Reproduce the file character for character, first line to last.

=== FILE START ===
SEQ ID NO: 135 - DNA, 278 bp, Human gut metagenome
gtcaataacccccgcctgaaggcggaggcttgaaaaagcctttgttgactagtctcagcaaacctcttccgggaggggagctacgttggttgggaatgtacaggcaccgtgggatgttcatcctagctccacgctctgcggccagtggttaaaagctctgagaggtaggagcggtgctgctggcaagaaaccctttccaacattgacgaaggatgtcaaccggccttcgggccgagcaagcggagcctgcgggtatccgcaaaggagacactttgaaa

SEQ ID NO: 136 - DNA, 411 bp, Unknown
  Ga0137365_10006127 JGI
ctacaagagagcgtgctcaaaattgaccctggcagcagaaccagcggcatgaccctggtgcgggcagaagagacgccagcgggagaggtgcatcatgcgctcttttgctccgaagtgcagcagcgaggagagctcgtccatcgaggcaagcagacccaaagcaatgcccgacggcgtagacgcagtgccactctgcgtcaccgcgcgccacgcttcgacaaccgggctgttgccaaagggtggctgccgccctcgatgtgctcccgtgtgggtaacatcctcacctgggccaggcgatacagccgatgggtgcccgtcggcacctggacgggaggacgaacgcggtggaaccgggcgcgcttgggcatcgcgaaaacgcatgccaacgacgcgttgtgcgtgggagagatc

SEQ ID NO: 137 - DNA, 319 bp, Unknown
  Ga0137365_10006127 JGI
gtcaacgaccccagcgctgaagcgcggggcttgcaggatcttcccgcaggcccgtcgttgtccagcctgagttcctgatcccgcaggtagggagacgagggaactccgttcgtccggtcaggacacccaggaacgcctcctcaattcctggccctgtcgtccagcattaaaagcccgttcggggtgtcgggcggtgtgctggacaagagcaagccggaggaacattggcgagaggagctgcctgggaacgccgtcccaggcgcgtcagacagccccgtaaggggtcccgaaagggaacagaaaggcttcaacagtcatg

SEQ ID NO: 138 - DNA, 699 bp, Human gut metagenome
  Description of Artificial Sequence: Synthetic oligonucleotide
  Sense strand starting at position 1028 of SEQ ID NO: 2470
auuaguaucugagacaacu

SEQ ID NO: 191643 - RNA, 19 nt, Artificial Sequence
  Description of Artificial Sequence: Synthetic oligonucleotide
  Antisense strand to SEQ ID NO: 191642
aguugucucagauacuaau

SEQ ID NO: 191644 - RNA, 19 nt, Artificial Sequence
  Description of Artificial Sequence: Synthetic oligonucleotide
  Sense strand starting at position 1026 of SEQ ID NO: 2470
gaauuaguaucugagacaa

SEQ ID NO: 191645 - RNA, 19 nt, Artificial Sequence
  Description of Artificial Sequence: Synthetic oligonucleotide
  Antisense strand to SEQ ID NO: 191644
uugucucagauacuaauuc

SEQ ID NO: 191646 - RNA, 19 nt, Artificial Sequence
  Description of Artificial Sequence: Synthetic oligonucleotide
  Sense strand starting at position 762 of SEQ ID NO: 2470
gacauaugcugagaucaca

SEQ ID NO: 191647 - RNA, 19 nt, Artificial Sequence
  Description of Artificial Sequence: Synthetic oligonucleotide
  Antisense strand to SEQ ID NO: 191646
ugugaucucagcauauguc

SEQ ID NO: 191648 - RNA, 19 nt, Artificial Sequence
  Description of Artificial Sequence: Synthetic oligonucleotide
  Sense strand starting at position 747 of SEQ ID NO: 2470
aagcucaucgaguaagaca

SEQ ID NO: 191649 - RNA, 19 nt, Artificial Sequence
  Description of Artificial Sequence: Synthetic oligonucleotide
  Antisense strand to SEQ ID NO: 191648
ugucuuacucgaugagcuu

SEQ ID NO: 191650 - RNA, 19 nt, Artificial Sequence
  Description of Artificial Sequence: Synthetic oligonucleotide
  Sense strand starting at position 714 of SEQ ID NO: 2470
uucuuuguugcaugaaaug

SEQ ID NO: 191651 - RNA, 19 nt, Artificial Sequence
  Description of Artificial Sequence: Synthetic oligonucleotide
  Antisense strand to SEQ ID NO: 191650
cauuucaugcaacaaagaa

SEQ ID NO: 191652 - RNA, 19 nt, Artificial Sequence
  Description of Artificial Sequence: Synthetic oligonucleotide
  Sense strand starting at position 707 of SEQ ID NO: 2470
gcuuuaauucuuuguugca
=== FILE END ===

SEQ ID NO: 135 - DNA, 278 bp, Human gut metagenome
gtcaataacccccgcctgaaggcggaggcttgaaaaagcctttgttgactagtctcagcaaacctcttccgggaggggagctacgttggttgggaatgtacaggcaccgtgggatgttcatcctagctccacgctctgcggccagtggttaaaagctctgagaggtaggagcggtgctgctggcaagaaaccctttccaacattgacgaaggatgtcaaccggccttcgggccgagcaagcggagcctgcgggtatccgcaaaggagacactttgaaa

SEQ ID NO: 136 - DNA, 411 bp, Unknown
  Ga0137365_10006127 JGI
ctacaagagagcgtgctcaaaattgaccctggcagcagaaccagcggcatgaccctggtgcgggcagaagagacgccagcgggagaggtgcatcatgcgctcttttgctccgaagtgcagcagcgaggagagctcgtccatcgaggcaagcagacccaaagcaatgcccgacggcgtagacgcagtgccactctgcgtcaccgcgcgccacgcttcgacaaccgggctgttgccaaagggtggctgccgccctcgatgtgctcccgtgtgggtaacatcctcacctgggccaggcgatacagccgatgggtgcccgtcggcacctggacgggaggacgaacgcggtggaaccgggcgcgcttgggcatcgcgaaaacgcatgccaacgacgcgttgtgcgtgggagagatc

SEQ ID NO: 137 - DNA, 319 bp, Unknown
  Ga0137365_10006127 JGI
gtcaacgaccccagcgctgaagcgcggggcttgcaggatcttcccgcaggcccgtcgttgtccagcctgagttcctgatcccgcaggtagggagacgagggaactccgttcgtccggtcaggacacccaggaacgcctcctcaattcctggccctgtcgtccagcattaaaagcccgttcggggtgtcgggcggtgtgctggacaagagcaagccggaggaacattggcgagaggagctgcctgggaacgccgtcccaggcgcgtcagacagccccgtaaggggtcccgaaagggaacagaaaggcttcaacagtcatg

SEQ ID NO: 138 - DNA, 699 bp, Human gut metagenome
  Description of Artificial Sequence: Synthetic oligonucleotide
  Sense strand starting at position 1028 of SEQ ID NO: 2470
auuaguaucugagacaacu

SEQ ID NO: 191643 - RNA, 19 nt, Artificial Sequence
  Description of Artificial Sequence: Synthetic oligonucleotide
  Antisense strand to SEQ ID NO: 191642
aguugucucagauacuaau

SEQ ID NO: 191644 - RNA, 19 nt, Artificial Sequence
  Description of Artificial Sequence: Synthetic oligonucleotide
  Sense strand starting at position 1026 of SEQ ID NO: 2470
gaauuaguaucugagacaa

SEQ ID NO: 191645 - RNA, 19 nt, Artificial Sequence
  Description of Artificial Sequence: Synthetic oligonucleotide
  Antisense strand to SEQ ID NO: 191644
uugucucagauacuaauuc

SEQ ID NO: 191646 - RNA, 19 nt, Artificial Sequence
  Description of Artificial Sequence: Synthetic oligonucleotide
  Sense strand starting at position 762 of SEQ ID NO: 2470
gacauaugcugagaucaca

SEQ ID NO: 191647 - RNA, 19 nt, Artificial Sequence
  Description of Artificial Sequence: Synthetic oligonucleotide
  Antisense strand to SEQ ID NO: 191646
ugugaucucagcauauguc

SEQ ID NO: 191648 - RNA, 19 nt, Artificial Sequence
  Description of Artificial Sequence: Synthetic oligonucleotide
  Sense strand starting at position 747 of SEQ ID NO: 2470
aagcucaucgaguaagaca

SEQ ID NO: 191649 - RNA, 19 nt, Artificial Sequence
  Description of Artificial Sequence: Synthetic oligonucleotide
  Antisense strand to SEQ ID NO: 191648
ugucuuacucgaugagcuu

SEQ ID NO: 191650 - RNA, 19 nt, Artificial Sequence
  Description of Artificial Sequence: Synthetic oligonucleotide
  Sense strand starting at position 714 of SEQ ID NO: 2470
uucuuuguugcaugaaaug

SEQ ID NO: 191651 - RNA, 19 nt, Artificial Sequence
  Description of Artificial Sequence: Synthetic oligonucleotide
  Antisense strand to SEQ ID NO: 191650
cauuucaugcaacaaagaa

SEQ ID NO: 191652 - RNA, 19 nt, Artificial Sequence
  Description of Artificial Sequence: Synthetic oligonucleotide
  Sense strand starting at position 707 of SEQ ID NO: 2470
gcuuuaauucuuuguugca